12 Sep 2022

Pakistan flooding: Bearing the brunt of the climate crisis

From The Detail, 5:00 am on 12 September 2022

Pakistan emits less than one percent of the world's greenhouse gases, but it is suffering some of the worst effects of climate change.

Pakistani people wade through flood water after flash floods hit the Charsadda district in northwest Khyber Pakhtunkhwa province, Pakistan on 28 August, 2022. Pakistan has called for international assistance and help in dealing with the floods that have killed more than 900 people since June.

Pakistani people wade through flood water after flash floods hit the Charsadda district in northwest Khyber Pakhtunkhwa province, Pakistan. Photo: ZUBAIR ABBASI

In May, Reuters' Pakistan correspondent, New Zealander Charlotte Greenfield, visited the city of Jacobabad.

Dubbed 'the world’s hottest city', Jacobabad was at that point in the midst of a devastating heatwave. 

"It hit 51 degrees Celsius while we were there," Greenfield says. 

"All the river beds and canals had dried up. The biggest issue was there just wasn't enough water, there was no water in the city."

It's estimated the heat wave killed at least 90 people. But now, just a few months on, Pakistan is in the throes of another, even more catastrophic natural disaster: the worst floods the country has seen in decades. 

"One-third of the country is underwater," says Tayyaba Khan, who was born in Pakistan before moving to New Zealand with her family as a baby.

"A significant part of the Pakistani population has been affected by the flooding. We are estimating anywhere between 30 million to 40 million."

The general consensus is that the flooding's intensity is down to a confluence of factors.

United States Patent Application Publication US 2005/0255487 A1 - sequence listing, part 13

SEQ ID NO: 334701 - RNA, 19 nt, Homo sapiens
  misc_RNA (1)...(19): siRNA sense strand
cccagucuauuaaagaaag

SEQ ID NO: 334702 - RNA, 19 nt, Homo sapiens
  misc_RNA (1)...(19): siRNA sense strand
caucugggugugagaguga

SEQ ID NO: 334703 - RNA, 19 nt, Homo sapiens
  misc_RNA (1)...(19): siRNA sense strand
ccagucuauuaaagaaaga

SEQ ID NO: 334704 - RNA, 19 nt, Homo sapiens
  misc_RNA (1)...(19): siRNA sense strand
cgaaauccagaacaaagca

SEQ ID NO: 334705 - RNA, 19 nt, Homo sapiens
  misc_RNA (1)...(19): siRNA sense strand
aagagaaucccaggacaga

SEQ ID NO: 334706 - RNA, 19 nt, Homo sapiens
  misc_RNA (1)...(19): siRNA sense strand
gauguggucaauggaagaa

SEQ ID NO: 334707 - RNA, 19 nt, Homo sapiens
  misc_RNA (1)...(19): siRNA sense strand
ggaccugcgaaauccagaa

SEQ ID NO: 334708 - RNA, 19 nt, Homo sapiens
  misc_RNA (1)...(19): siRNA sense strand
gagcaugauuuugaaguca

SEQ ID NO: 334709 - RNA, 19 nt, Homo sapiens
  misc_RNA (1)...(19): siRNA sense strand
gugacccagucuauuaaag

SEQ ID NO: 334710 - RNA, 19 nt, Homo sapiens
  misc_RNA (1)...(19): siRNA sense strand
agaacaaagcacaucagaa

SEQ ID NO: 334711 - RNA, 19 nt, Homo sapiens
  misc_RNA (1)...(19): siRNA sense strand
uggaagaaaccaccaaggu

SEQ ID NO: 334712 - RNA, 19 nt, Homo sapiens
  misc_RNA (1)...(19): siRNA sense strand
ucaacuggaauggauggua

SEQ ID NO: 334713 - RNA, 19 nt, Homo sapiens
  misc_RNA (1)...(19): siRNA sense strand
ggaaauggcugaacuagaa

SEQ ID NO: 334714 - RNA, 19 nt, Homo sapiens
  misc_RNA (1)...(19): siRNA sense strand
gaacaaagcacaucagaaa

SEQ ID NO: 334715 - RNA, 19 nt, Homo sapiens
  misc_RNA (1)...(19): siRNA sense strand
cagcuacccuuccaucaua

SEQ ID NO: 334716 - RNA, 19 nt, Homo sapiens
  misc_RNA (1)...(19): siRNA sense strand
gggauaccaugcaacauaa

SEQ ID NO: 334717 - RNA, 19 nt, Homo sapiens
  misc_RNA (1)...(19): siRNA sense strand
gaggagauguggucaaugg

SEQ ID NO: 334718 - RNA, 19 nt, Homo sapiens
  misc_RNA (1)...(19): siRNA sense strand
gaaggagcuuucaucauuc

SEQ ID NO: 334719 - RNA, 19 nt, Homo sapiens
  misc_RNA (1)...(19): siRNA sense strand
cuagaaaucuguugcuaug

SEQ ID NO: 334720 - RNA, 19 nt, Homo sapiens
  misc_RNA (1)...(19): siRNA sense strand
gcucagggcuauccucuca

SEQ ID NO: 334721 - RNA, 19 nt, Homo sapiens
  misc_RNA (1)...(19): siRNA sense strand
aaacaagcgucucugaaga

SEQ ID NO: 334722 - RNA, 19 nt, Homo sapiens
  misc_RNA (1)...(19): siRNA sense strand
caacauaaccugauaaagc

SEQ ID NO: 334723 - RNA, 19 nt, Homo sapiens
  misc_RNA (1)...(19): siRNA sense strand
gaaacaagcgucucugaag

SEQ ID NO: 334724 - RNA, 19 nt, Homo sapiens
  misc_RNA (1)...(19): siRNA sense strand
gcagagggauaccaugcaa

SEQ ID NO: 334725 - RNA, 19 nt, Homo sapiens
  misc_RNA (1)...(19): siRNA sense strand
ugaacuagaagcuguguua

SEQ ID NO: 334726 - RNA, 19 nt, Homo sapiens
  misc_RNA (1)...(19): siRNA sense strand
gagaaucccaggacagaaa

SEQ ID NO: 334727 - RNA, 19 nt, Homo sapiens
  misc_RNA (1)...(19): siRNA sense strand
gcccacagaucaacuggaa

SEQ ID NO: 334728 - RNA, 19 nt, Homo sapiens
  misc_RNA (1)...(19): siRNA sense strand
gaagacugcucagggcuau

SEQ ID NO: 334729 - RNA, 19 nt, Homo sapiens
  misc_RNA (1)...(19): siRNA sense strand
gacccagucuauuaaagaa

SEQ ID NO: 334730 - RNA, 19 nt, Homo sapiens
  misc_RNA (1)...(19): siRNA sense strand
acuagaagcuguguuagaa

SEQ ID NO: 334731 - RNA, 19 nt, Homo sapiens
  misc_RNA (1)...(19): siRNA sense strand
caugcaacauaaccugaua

The heatwaves from earlier this year play a big part - Pakistan, a mountainous country, has thousands of glaciers within in its borders. 

It's thought the heatwave caused many of them to melt more quickly than usual, sending millions of litres of water into hills and valleys.
Hot air also tends to hold more moisture, so when the monsoon season came along in June, the air that flowed into southern Pakistan was unusually moisture-laden. 

The intensity, longevity, and scale of the heavy rainfall has also contributed to the scale of the disaster. Pakistan is a developing nation, and its resources to deal with such sustained and widespread flooding are limited. 
At least 1400 people have died in the floods - many of them children - and the associated costs will reach into the tens of billions of dollars.

And it's likely that these sorts of events will be more common as human-caused climate change continues to intensify natural disasters. 

This raises the stark inequity of which countries will be on the frontlines of climate change: Pakistan, despite its huge population, emits less than one percent of the world's planet-warming gasses.

Greenfield says this has caused the Pakistani climate change minister, Sherry Rehman, to raise the idea of reparations being paid by wealthy nations to those in a more precarious position.  

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